I’m battling low self-esteem and an eating disorder (Binge Eating Disorder). A year ago I had the gastric sleeve surgery, hoping it would physically limit the amount of food I could eat, but I didn’t resolve my issues with my eating disorder, and I pushed the limits of my smaller stomach, eating so much that it was hard to breathe, not to mention painful.

Now, I can’t stop bingeing. I feel like I always need a treat, something to escape into, but I can’t figure out why I feel the need to escape so frequently. Maybe from stress of the pandemic? And my “treats” often turn into a punishment because I eat so much, too much for my stomach to hold. Too much shame to derive any pleasure in the binge. So, maybe it’s all punishment — for what, I don’t know.

It definitely doesn’t feel good, aside from the initial pleasure of the food hitting my palate, but it never lasts. It’s temporary, but the shame and pain from doing it is often permanent.

And then, in between binges, I stare into the mirror and try to love and appreciate my body, which has birthed two amazing kids. I breastfed them, sustained them with this body. I live here, in this 180-pound body that holds all my essence and what makes me me. I reject the idea that I’m ugly, fat and less than. I’m a child of God and wonderfully made. I’m just as beautiful outside as I am inside, and my light shines regardless of my weight. My worth is not tied to my weight.

But I get lost navigating the conflicting messages these two polar-opposite sides of me are sending. And for some reason, it’s easier to believe the negative ones: I’m ugly, I’m a fat ass, people are judging me, nobody loves me because I’m fat, etc. But I do feel like the other side of me’s voice is growing louder. It’s not a distant whispering anymore — she’s getting stronger, and I pray that she continues to do so, because I’m weary from fighting this division inside me. I wonder why everything has to be so hard. Isn’t having Major Depressive Disorder, General Anxiety Disorder and Avoidant Personality Disorder enough? Why are there so many things wrong with me? Maybe I don’t need to pull at that thread, but I’d really like not to collect any more diagnoses.

I want to find a balance where I can eat healthy, occasionally indulge and truly appreciate my body. I don’t want to tiptoe around the house anymore, thinking my footsteps are too heavy sounding.

I want normalcy. I don’t mean to complain and whine — I know that I’m the only one in charge of what food goes in my mouth. But it’s still so hard, and not just for me — about 30 million people have an eating disorder in the U.S., according to U.S. News and World Report. That roughly 20 million women and 10 million men. That’s a huge number, and eating disorders, like mental disorders, are often unreported so you can expect those numbers to be a little higher.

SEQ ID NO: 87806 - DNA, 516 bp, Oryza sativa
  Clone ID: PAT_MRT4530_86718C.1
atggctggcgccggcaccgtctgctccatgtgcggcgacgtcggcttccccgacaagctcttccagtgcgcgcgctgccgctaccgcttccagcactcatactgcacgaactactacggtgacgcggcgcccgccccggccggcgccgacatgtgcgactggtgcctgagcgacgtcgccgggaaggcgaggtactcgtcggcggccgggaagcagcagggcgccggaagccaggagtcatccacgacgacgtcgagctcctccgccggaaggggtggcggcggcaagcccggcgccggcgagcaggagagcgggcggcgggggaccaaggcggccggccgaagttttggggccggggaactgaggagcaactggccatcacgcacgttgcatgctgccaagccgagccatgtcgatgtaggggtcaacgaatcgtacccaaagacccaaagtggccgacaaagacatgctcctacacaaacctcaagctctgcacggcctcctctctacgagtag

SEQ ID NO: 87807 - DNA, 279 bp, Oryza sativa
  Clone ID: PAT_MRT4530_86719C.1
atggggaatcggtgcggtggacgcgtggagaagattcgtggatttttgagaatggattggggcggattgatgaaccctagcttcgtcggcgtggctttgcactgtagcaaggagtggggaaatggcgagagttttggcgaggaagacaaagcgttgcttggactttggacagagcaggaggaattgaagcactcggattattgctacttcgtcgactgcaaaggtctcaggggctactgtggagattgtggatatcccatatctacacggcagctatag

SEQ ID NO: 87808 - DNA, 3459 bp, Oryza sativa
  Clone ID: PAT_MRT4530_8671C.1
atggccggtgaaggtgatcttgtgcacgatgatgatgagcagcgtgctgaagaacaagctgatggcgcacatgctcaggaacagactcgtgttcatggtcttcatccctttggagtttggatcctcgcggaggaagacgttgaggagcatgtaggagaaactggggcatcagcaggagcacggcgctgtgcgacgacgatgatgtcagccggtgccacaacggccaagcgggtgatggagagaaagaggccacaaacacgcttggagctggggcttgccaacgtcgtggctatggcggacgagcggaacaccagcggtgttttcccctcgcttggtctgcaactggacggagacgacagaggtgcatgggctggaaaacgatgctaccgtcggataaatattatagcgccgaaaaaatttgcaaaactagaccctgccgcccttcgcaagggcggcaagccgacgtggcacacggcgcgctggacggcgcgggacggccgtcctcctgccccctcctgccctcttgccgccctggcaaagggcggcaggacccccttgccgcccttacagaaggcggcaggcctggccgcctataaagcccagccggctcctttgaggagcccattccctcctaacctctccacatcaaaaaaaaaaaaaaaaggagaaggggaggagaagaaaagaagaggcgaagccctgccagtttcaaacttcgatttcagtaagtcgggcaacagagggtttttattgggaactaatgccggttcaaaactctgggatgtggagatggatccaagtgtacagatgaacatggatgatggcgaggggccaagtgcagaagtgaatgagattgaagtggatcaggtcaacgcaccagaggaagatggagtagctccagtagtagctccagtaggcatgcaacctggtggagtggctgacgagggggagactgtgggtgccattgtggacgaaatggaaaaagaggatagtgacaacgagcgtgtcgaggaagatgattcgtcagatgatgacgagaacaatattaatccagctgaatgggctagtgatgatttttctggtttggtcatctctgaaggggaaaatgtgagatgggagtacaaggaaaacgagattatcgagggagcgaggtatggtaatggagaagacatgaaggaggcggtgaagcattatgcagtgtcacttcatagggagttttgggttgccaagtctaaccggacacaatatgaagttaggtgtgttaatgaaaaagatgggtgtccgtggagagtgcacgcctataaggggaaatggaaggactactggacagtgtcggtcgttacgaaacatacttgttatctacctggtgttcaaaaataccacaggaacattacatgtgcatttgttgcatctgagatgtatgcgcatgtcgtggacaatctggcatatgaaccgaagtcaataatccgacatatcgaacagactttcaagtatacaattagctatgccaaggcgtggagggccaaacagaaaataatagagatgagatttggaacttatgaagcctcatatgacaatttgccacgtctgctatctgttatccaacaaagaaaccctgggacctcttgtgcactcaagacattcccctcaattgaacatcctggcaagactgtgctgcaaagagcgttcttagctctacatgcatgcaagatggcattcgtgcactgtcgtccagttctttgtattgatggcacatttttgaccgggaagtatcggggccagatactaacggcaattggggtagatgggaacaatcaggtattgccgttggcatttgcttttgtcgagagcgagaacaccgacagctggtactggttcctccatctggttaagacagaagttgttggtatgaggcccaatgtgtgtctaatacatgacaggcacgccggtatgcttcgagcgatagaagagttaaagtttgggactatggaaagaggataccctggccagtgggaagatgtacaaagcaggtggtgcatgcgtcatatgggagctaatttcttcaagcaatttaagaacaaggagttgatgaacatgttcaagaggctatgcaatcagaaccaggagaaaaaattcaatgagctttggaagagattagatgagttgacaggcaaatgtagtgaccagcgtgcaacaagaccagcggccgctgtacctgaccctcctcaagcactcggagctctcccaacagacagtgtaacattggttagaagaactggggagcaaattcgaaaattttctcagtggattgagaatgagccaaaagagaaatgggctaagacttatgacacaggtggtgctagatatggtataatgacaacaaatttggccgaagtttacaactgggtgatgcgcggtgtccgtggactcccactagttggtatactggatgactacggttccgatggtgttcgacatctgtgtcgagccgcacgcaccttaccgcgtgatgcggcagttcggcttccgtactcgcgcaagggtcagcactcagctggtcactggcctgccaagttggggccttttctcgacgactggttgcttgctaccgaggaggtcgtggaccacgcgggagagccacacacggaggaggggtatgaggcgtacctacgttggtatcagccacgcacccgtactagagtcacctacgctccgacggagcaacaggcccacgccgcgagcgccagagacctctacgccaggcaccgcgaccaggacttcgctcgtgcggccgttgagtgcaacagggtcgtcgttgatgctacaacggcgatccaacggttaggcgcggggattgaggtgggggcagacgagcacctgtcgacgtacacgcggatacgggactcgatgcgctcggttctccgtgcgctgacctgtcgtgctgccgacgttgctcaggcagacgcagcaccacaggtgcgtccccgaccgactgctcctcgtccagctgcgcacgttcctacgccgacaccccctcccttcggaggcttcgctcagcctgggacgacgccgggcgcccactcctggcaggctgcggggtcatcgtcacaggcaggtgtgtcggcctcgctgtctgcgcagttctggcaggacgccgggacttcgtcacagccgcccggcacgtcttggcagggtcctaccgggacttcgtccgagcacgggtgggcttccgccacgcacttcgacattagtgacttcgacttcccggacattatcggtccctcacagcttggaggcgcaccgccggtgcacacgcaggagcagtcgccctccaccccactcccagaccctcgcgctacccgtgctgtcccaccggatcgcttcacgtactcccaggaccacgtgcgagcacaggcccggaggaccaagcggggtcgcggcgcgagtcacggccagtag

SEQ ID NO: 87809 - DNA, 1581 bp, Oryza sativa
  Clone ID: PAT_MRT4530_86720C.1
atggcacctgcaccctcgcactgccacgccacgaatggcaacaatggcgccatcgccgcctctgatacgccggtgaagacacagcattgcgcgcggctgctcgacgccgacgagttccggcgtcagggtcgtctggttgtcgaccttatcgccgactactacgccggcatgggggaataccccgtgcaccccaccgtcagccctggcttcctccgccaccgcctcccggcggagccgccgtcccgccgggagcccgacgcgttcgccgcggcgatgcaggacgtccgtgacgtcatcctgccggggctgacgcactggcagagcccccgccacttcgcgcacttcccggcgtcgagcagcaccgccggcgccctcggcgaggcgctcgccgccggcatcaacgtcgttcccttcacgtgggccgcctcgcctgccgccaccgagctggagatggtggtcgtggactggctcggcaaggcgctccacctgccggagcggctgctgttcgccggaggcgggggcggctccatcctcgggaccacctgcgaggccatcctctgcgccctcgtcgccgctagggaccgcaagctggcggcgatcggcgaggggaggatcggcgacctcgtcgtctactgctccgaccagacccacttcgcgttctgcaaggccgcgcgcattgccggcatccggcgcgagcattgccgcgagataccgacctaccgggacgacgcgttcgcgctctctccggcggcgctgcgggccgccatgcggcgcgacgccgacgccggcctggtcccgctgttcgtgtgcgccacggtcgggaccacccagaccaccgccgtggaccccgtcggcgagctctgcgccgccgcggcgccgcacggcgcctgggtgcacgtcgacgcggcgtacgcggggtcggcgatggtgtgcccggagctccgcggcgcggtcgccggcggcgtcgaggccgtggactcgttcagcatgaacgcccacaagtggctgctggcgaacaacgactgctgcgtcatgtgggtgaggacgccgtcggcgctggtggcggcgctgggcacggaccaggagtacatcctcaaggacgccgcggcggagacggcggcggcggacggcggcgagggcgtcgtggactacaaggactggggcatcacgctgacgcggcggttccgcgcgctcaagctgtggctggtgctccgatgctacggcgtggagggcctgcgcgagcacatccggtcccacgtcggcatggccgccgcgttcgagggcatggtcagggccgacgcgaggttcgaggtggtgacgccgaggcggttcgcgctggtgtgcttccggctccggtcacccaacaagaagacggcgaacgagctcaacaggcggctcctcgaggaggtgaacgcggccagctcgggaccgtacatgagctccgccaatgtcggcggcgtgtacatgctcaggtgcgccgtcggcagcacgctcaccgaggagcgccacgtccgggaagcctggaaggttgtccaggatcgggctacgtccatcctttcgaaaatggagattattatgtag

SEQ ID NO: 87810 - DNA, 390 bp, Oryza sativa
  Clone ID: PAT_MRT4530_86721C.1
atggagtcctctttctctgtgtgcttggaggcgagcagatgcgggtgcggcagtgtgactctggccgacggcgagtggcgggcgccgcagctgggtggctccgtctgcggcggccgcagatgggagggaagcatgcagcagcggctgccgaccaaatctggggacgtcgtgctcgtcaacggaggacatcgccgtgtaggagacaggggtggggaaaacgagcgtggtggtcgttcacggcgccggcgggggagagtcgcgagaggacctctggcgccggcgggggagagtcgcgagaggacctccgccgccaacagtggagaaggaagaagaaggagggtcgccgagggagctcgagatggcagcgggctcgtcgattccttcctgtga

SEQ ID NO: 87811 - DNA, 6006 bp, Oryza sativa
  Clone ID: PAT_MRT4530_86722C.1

A lot of those people also suffer from a mental disorder. The National Association of Anorexia Nervosa and Associated Disorders reports that 33 to 50 percent of people with anorexia also have a mood disorder. I don’t have numbers of what percentage of people with Binge Eating Disorder have a mood disorder, but I’m confident I’m not the only one.

Another alarming statistic is that 26 percent of people with an eating disorder attempt suicide. It’s beyond hard to have an eating disorder — you can’t give up food like an alcoholic can give up alcohol (Do not get me wrong. Battling any addiction is very difficult. I do not mean to imply otherwise). You have to fight your brain while learning new methods on how to nourish your body in a healthy way (such as intuitive eating or mindfully eating). It’s hard as hell for me to break old habits when it comes to food, but I know I need to do it if I want to be around for my family and friends later in life. Having an eating disorder is so hard on the body and mind. With everything else I’m battling, my body could use a respite.

I know a lot of us are in the same boat when it comes to weight gain during the pandemic. I don’t have any pointers because I’m still learning, but I do want to say be patient with your body. Give yourself some grace. Try to love the body you’re in, because you’re not getting another one. Weight can come off, and maybe it’s OK if it doesn’t.

You are not your eating disorder.

I hope y’all stay well and in the light.

If you are struggling with an eating disorder, please reach out to your doctor or visit the National Eating Disorders Association website. They also have a crisis text line — just text NEDA to 741741.